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Find Mrs. Lorillard Jr. Dead In Bathroom: Coroner's Verdict, Suicide Part II

Lorillards Married In 1881

Bride was George Hamilton's daughter. Elder Lorillards separated.

Mrs. Pierre Lorillard, Jr., was a Miss Caroline Jaffray Hamilton, daughter of George Hamilton of New York. She was born forty-nine years ago. It was on February 16, 1881, that she married Pierre Lorillard. Jr., whose father died on July 7, 1901. Mrs. Lorillard at the time of her marriage, was living with her father at 32 West Twenty-first street. The ceremony was performed at the First Presbyterian Church, at Fifth Avenue and Twelfth Street, of which her great-grandfather, the Rev. Dr. Phillips, was pastor in 1826.

The officiating ministers were the Rev. Dr. John Hall and the Rev. Dr. William M. Paxton, the latter the pastor of the church. The wedding was the social event of the season, over 2,000 invitations being sent out for it. The wedding presents were of immense value. Mrs. Lorillard had as her bridesmaids Miss Jaffray. Miss Parrish, Miss Lorillard, Miss Minnie Stewart, Miss Lewy, Miss Alice Gautler, and Miss G. Lorillard. Francis Gray Griswold acted as best man to Mr. Lorillard.

Pierre Lorillard, the husband of the dead woman, was born in this city on January 20, 1860. He is best known as a capitalist and the son of his father, although he at one time took an interest in politics, running without success for the office of Assemblyman here. He is a Director of the Automatic Weighing Machine Company, O. Lorillard Company, American Tobacco Company, and the Empire Trust Company. He has an office at 111 Fifth Avenue, this city.

There are two children of the marriage, Pierre Lorillard, third, and Griswold Lorillard.

Pierre Lorillard, the father of the present head of the family, died at the old Fifth Avenue Hotel on July 7, 1901. With him at the time of his death were Mr. and Mrs. Pierre Lorillard, Jr., Mr. and Mrs. T. Suffern-Tailer, Mr. and Mrs. William Kemp, and Pierre Lorillard, third. The Tailers have since been divorced, and Mrs. Tailer is now the wife of Cecil Baring of the London banking house of that name. Mr. Tailer's engagement to Miss Harriet Brown of Baltimore was announced a few weeks ago.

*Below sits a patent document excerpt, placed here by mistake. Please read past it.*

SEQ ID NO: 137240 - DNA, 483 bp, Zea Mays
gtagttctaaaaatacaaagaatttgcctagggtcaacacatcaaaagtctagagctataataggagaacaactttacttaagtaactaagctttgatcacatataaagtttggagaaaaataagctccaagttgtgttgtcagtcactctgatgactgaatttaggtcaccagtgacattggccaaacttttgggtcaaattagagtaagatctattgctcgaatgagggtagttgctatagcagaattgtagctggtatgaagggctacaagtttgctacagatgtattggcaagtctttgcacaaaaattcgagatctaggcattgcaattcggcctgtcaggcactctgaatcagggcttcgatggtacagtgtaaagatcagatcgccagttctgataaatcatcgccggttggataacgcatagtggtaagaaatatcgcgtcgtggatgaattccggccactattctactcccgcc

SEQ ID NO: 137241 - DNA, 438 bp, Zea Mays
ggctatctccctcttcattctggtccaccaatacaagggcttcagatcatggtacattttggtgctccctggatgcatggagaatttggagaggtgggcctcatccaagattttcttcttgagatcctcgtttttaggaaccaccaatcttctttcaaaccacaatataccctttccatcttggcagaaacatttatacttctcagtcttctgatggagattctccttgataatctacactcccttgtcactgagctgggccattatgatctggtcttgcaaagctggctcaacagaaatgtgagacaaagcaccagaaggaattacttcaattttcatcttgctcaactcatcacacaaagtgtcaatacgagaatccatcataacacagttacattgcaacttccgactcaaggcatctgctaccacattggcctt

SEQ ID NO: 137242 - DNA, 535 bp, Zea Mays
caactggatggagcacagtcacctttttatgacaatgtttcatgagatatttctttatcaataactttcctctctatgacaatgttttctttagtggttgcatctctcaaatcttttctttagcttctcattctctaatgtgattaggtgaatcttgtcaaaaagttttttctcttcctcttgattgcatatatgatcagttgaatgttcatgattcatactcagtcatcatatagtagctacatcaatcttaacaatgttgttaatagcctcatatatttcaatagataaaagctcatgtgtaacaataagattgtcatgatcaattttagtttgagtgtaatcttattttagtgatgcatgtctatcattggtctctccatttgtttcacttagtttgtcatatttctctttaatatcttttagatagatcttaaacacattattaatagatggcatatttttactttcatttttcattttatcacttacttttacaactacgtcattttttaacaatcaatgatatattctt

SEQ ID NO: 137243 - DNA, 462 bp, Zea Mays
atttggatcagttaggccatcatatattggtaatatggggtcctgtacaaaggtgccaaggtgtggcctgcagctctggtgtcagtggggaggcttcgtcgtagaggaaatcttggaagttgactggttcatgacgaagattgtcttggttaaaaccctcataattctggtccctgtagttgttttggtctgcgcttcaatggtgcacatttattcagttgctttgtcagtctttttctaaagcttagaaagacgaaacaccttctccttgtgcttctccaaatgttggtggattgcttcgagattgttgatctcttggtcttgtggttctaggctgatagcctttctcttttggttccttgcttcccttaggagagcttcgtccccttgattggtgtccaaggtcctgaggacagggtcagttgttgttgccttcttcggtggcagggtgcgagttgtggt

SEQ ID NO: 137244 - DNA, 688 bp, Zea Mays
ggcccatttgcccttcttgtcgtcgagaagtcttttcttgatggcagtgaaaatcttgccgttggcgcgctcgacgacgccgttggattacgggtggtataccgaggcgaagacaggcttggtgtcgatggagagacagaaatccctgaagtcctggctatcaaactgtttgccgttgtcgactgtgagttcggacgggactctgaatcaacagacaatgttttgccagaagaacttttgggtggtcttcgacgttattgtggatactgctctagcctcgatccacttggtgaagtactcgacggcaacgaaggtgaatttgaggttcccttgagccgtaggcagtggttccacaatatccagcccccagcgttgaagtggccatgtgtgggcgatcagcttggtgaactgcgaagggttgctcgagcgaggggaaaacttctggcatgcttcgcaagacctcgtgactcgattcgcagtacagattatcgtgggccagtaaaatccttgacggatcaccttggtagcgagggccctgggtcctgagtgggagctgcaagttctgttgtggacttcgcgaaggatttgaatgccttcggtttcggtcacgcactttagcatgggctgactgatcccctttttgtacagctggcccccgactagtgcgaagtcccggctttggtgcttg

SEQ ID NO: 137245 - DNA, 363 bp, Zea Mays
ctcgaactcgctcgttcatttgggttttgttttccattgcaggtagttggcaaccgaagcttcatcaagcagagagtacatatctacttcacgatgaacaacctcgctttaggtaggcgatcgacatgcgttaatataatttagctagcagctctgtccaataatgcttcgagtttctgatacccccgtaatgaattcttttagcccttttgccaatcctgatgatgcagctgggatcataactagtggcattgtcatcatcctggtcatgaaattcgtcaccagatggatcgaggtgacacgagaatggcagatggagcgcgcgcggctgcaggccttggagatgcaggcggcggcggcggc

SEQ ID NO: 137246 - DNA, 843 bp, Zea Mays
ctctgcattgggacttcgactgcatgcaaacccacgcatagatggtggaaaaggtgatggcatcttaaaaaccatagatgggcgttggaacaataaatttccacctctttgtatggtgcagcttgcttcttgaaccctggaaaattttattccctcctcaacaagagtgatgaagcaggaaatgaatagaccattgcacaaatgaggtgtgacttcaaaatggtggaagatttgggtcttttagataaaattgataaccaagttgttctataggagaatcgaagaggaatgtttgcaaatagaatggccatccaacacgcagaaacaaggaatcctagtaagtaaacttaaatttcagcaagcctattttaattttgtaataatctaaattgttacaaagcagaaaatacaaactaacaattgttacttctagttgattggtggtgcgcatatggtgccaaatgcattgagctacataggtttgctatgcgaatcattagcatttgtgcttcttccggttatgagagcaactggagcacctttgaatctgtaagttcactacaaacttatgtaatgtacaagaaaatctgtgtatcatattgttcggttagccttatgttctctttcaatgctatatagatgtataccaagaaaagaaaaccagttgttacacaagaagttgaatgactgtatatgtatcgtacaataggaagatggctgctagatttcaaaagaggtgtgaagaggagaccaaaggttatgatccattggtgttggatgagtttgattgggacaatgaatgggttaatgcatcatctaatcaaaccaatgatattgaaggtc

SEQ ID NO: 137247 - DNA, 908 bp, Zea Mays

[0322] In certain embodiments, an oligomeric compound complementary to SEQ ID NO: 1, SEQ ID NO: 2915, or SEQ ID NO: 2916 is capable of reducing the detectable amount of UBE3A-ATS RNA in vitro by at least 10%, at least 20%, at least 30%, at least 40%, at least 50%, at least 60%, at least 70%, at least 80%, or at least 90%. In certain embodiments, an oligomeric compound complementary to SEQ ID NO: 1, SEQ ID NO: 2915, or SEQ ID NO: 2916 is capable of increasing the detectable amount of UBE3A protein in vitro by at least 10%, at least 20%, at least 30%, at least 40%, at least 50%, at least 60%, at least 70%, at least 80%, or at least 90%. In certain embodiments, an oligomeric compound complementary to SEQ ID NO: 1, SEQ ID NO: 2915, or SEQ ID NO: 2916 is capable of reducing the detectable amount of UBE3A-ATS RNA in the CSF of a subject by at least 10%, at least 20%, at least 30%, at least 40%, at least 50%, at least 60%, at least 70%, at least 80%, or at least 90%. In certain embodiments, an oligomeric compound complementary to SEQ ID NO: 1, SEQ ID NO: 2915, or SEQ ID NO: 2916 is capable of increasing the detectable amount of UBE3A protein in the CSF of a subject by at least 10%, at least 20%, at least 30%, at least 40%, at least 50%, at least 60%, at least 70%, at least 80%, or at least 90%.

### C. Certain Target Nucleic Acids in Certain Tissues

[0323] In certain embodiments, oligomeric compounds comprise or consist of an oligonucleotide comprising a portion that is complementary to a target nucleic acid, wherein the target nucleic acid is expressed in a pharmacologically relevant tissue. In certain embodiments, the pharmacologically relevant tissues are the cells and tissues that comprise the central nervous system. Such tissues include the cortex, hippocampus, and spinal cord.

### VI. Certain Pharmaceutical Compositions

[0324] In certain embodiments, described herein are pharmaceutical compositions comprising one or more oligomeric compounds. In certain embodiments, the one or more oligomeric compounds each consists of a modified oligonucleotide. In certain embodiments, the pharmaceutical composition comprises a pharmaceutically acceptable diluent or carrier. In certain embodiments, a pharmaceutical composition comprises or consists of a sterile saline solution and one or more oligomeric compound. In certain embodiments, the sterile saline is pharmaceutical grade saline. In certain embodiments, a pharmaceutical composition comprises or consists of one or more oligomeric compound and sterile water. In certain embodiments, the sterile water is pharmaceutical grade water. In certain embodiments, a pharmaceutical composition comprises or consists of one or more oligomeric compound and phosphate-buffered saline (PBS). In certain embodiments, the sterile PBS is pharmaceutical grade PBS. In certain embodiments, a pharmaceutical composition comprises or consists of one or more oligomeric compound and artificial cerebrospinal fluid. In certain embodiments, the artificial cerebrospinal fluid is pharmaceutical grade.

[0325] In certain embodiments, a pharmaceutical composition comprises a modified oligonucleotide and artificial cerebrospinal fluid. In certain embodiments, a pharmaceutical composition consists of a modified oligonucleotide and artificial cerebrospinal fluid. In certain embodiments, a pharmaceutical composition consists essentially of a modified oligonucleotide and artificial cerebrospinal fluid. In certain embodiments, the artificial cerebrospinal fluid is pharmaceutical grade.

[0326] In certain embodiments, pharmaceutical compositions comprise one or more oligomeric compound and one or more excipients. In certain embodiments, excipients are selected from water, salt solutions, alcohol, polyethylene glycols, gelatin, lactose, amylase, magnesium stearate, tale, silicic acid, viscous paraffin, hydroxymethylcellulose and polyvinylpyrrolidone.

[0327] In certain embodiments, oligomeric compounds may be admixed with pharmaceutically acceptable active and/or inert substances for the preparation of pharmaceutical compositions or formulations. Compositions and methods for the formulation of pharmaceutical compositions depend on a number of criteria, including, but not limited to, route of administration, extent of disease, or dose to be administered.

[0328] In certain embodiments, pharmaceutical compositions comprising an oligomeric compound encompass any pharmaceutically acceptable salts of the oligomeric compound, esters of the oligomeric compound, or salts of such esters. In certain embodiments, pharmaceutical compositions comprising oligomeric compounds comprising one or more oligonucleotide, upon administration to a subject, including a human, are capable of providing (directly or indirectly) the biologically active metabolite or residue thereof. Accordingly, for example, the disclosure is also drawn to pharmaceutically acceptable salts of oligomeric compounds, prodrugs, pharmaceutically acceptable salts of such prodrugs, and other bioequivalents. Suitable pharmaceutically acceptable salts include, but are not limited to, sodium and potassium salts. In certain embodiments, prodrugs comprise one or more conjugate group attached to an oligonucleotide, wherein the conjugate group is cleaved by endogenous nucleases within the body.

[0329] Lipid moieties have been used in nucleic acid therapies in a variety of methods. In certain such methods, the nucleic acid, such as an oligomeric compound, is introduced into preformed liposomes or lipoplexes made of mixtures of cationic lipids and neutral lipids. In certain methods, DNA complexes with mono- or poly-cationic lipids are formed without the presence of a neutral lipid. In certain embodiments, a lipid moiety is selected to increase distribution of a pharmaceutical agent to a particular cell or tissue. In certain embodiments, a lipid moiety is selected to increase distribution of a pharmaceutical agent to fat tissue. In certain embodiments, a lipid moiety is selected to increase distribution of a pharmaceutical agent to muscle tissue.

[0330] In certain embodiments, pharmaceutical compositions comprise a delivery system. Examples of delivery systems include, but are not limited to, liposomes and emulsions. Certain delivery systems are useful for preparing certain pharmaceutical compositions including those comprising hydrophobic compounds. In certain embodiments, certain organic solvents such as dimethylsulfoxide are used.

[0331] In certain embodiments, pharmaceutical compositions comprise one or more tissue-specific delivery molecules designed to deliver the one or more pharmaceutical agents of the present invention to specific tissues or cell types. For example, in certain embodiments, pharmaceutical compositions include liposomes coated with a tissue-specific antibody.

Mrs. Lorillard was not present at her husband's death, nor, indeed, at any time during his illness. He was the fourth member of the Lorillard family to bear the name of Pierre, which was a concession to the French origin of the family. He was born Oct. 13, 1833, and was the eldest member of his father's family. He built up a large fortune in the tobacco business. He was well known in society, commerce and the world of sport; was the moving spirit in the establishing of the Tuxedo Club, and was the founder of Tuxedo Park. Mr. Lorillard in 1858 married Miss Emily Tayler, daughter of Dr. Isaac E. Taylor of this city.

Mrs. Lorillard, Sr., since the death of her husband has spent most of her time either in Tuxedo Park, Washington, or this city. She is now staying at the Buckingham Hotel here, where she received yesterday word of the tragedy.

In commerce the name of Lorillard has been known for nearly a century and a half in connection with the great tobacco business bearing their name. Conspicuous as he was in the commercial world, the elder Lorillard's most enduring fame was connected with the turf. He was the first American to win the English Derby, the greatest turf event in the world. He achieved international fame through the victory of his American colt Iroquois, which won the Derby and the St. Leger in 1881.

His first racing colors were a scarlet jacket and a blue cap. These were first carried in 1873 by a colt called Freelance. The following year he changed his colors to cherry and black. Yesterday's tragedy recalls the bequest by Mr. Lorillard of his famous Rancocas stables and farm at Jobstown, N.J. to Mrs. Lillian Barnes Allien. For a while his widow and her children threatened to contest Mr. Lorillard's will, but a compromise was effected. Mrs. Allien took possession of the horses, entering them under her maiden name of Barnes. The Lorillard family protested against her using the family colors, with the result that she changed them to blue with silver braid, and a black cap.

Mr. Lorillard was considered the most liberal patron of sports in America, and always held the confidence of the public. Once in 1886, when he was disgusted with the manner in which racing was conducted in America, he disposed of his whole breeding establishment, the sale being the greatest that had ever been held up to that time. He speedily changed his mind, however, and returned to racing with his old enthusiasm.

He was also an enthusiastic yachtsman, but his interest was more of the amateur sailor than of the racing yachtsman, though he encouraged that sport by liberal contributions. To him, more than to any one else. Newport owes the prominence and popularity it has attained among yachtsmen.

Mr. Lorillard's will disposed of an estate valued at about $4,000,000. To his widow, from whom he had been separated for some time at his death, he left an annuity of $50,000 for life. The surprise of the will was the bequest of Rancocas stock farm to Mrs. Allien. Mr. Lorillard had spent about $1,000,000 on it, and his disposal of it created a good deal of talk at the time.

End of Article


Website: The History
Article Name:  Find Mrs. Lorillard Jr. Dead In Bathroom: Coroner's Verdict, Suicide Part II
Researcher/Transcriber: Miriam Medina


Bibliography:  The New York Times March 26, 1909 p.1 (2 pages)
Time & Date Stamp:  


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